Although there is no foolproof formula for determining how often brands should email leads, marketers can take measures to increase the likelihood that their emails will be useful.

Many businesses rely heavily on email marketing. While it’s possible that a single email might be ignored because the recipient is too preoccupied to read it or simply missed it, sending multiple emails to the same person will likely result in them either ignoring the messages altogether or marking them as spam and subsequently blocking you from receiving any further emails. As a marketer, what should one do?

There is no perfect schedule for sending emails.

“Chillreptile’s head of content, Sam Rexford, has remarked that there is no ideal frequency or cadence for sending out marketing emails. While several online resources provide marketing frequency benchmarks, Rexford dismisses them as “nonsense.”

You may start testing frequencies to find the ideal cadence for your brand if you have a thorough knowledge of your audience, the reasons they subscribe to your material, and the outcomes they expect from your content “said Rexford. Some of the most successful email marketers I know send out messages as frequently as three times a day. Why? Customers will remain loyal so long as the content they paid for continues to provide them with value.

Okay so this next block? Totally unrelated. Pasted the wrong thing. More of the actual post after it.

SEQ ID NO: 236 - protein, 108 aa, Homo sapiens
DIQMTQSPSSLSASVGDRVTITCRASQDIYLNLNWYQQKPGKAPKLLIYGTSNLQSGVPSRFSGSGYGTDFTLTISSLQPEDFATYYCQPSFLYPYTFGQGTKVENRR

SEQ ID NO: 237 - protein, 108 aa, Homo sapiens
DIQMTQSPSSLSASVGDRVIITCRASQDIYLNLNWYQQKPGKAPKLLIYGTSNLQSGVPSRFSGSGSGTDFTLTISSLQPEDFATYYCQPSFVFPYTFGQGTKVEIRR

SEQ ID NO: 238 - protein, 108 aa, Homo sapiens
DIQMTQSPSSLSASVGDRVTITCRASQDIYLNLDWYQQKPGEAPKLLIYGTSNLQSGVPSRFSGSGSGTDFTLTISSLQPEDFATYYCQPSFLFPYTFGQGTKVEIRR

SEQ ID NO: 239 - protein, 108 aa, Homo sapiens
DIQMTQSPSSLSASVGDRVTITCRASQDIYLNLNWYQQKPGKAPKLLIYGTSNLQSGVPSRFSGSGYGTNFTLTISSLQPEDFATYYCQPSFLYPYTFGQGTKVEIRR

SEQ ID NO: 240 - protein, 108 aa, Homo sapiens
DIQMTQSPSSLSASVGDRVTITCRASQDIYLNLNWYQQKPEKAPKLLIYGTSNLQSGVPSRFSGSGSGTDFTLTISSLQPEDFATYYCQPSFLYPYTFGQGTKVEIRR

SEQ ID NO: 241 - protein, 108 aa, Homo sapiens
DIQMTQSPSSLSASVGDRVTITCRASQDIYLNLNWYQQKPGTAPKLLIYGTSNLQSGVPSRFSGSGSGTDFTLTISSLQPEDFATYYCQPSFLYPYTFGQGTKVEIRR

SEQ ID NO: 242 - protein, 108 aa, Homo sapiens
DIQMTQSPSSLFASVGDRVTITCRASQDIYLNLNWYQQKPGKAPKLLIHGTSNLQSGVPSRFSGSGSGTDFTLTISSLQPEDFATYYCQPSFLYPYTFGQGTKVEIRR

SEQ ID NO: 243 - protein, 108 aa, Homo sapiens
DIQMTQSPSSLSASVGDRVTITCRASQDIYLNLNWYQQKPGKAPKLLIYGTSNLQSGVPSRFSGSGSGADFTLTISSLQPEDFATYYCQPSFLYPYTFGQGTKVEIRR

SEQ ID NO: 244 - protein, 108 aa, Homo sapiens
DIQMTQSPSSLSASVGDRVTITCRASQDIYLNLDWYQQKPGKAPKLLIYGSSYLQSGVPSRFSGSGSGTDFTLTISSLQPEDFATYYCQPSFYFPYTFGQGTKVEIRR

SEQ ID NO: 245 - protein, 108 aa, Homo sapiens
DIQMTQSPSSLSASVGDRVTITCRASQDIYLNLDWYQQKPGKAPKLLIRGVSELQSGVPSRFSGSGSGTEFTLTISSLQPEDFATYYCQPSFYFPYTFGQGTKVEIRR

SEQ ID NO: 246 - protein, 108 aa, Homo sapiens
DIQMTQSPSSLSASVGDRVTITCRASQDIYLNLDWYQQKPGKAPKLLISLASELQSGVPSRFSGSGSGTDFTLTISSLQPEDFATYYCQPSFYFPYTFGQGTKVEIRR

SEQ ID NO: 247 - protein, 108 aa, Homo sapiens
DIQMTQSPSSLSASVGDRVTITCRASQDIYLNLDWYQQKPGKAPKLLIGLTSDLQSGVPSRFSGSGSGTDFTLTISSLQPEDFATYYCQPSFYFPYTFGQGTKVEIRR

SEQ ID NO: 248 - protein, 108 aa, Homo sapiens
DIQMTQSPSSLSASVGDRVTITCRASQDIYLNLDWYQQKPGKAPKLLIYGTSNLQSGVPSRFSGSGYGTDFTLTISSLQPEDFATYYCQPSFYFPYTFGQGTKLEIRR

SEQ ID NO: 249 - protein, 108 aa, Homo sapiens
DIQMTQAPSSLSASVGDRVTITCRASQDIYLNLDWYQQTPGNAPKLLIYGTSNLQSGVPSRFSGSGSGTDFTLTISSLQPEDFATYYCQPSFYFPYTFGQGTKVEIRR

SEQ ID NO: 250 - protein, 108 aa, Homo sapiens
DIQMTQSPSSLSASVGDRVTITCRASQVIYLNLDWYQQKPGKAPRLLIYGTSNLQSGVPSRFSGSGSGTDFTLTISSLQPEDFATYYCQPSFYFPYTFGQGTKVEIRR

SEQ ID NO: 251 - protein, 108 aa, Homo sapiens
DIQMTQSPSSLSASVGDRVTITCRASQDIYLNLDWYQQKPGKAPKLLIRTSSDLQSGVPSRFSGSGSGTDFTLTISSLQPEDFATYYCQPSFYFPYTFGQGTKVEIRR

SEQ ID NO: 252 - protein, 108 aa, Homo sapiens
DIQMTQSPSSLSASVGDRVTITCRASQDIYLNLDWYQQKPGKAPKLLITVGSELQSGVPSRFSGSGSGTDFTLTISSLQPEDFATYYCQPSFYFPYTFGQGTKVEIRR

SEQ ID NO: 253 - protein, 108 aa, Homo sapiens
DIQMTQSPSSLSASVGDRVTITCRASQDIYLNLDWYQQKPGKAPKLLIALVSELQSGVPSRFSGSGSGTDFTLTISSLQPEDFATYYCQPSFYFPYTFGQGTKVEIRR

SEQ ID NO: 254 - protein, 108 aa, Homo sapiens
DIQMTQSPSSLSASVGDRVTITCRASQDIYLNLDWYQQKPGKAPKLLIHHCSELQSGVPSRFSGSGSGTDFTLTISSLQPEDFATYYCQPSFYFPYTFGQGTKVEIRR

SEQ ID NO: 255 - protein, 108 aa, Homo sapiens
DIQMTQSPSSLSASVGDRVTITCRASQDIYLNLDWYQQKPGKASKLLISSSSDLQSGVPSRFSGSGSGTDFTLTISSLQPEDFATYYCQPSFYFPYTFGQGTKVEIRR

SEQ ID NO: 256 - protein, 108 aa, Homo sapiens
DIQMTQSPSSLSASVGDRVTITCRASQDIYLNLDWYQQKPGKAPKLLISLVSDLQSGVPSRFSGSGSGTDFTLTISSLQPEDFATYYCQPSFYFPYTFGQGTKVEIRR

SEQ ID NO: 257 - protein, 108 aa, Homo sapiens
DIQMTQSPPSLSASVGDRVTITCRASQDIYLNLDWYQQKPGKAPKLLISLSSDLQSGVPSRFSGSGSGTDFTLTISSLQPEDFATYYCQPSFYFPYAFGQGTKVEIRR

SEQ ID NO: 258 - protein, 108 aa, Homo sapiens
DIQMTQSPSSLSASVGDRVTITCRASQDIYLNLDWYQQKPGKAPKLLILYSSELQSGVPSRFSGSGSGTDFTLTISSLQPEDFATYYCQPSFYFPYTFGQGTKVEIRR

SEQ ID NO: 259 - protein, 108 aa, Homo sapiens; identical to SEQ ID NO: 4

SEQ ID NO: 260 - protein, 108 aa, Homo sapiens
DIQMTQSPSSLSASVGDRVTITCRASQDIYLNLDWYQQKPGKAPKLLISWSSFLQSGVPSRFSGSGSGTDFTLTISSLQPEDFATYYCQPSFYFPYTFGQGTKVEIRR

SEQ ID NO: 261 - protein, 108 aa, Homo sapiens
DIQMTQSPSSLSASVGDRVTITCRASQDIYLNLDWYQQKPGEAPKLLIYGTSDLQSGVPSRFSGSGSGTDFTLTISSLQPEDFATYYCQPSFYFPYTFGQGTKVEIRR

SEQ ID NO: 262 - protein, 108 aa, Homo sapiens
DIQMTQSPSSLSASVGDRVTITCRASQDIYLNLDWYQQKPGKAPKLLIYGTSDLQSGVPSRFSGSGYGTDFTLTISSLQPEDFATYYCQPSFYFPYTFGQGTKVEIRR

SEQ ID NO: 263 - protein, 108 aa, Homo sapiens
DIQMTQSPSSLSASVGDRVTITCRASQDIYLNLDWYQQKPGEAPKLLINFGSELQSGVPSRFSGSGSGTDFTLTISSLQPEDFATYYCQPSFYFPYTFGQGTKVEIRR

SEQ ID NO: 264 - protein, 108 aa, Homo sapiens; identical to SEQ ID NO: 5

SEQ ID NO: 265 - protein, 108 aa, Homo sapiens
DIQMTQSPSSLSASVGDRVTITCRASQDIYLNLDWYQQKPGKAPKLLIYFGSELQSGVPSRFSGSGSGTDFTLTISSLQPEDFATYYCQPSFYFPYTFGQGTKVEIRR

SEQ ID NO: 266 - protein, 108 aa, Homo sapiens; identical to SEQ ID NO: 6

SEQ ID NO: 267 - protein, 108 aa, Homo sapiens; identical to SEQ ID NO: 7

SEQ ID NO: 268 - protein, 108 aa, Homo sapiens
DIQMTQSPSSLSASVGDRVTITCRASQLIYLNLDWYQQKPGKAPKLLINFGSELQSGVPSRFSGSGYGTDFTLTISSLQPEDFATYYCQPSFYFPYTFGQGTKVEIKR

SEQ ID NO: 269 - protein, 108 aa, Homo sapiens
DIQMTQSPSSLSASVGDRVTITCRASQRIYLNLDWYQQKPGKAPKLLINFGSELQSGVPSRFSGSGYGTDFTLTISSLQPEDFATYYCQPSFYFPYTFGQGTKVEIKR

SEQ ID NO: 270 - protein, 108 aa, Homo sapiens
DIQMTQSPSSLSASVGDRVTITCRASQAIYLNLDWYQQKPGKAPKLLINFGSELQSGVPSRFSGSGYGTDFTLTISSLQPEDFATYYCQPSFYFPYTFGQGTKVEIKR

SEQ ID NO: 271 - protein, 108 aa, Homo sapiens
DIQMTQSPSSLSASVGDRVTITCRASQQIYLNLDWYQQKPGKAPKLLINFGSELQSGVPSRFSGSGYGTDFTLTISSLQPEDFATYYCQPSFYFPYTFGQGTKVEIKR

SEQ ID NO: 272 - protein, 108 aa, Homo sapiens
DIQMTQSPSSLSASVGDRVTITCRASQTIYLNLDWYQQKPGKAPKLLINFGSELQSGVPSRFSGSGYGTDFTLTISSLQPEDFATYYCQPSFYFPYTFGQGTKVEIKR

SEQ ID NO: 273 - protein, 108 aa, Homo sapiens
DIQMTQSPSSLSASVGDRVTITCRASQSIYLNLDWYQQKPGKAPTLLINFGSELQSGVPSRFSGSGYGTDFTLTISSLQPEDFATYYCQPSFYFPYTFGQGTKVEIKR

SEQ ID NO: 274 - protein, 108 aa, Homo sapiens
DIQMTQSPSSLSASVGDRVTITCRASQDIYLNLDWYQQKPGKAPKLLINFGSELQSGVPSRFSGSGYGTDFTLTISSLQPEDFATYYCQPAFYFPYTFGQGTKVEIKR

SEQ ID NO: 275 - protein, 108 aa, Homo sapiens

The secret is presenting your audience with insights, education, and information that will actually assist them and help them overcome the enormous difficulties they are facing, Rexford emphasized.

With the right messaging, “you can present yourself as an authority in your subject that can assist your audience level up,” Rexford said, and your readers will be eager to keep up with your content and eagerly anticipate your emails.

Sending emails should be quick, concise, and… enjoyable?

According to Mike Miller, founder of Wilderness Times, an organization can email three to four times each week if the emails are valuable.

Miller remarked that most emails were boring and unappealing to read, adding that their recipients would learn nothing from them. “After giving it some thought, I’ve realized that the vast majority of the marketing emails I receive are really advertising or discount codes. Instead, focus on creating content that resonates with your target audience. Make them excited to see one of your emails in their inbox. Include a pitch or call to action in every email, but don’t forget to keep it lighthearted.

Miller believes that in today’s culture of short attention spans, multiple, shorter, more focused emails are preferable to one longer, more wordy email because email is a happy medium between a tweet and a blog; it’s short enough to read on the train, but long enough to effectively deliver a message.

This is the age of the customer-led business.

According to David LaVine, founder of RocLogic Marketing, LLC, the prospect’s journey state is one of the most critical criteria of effective email frequency.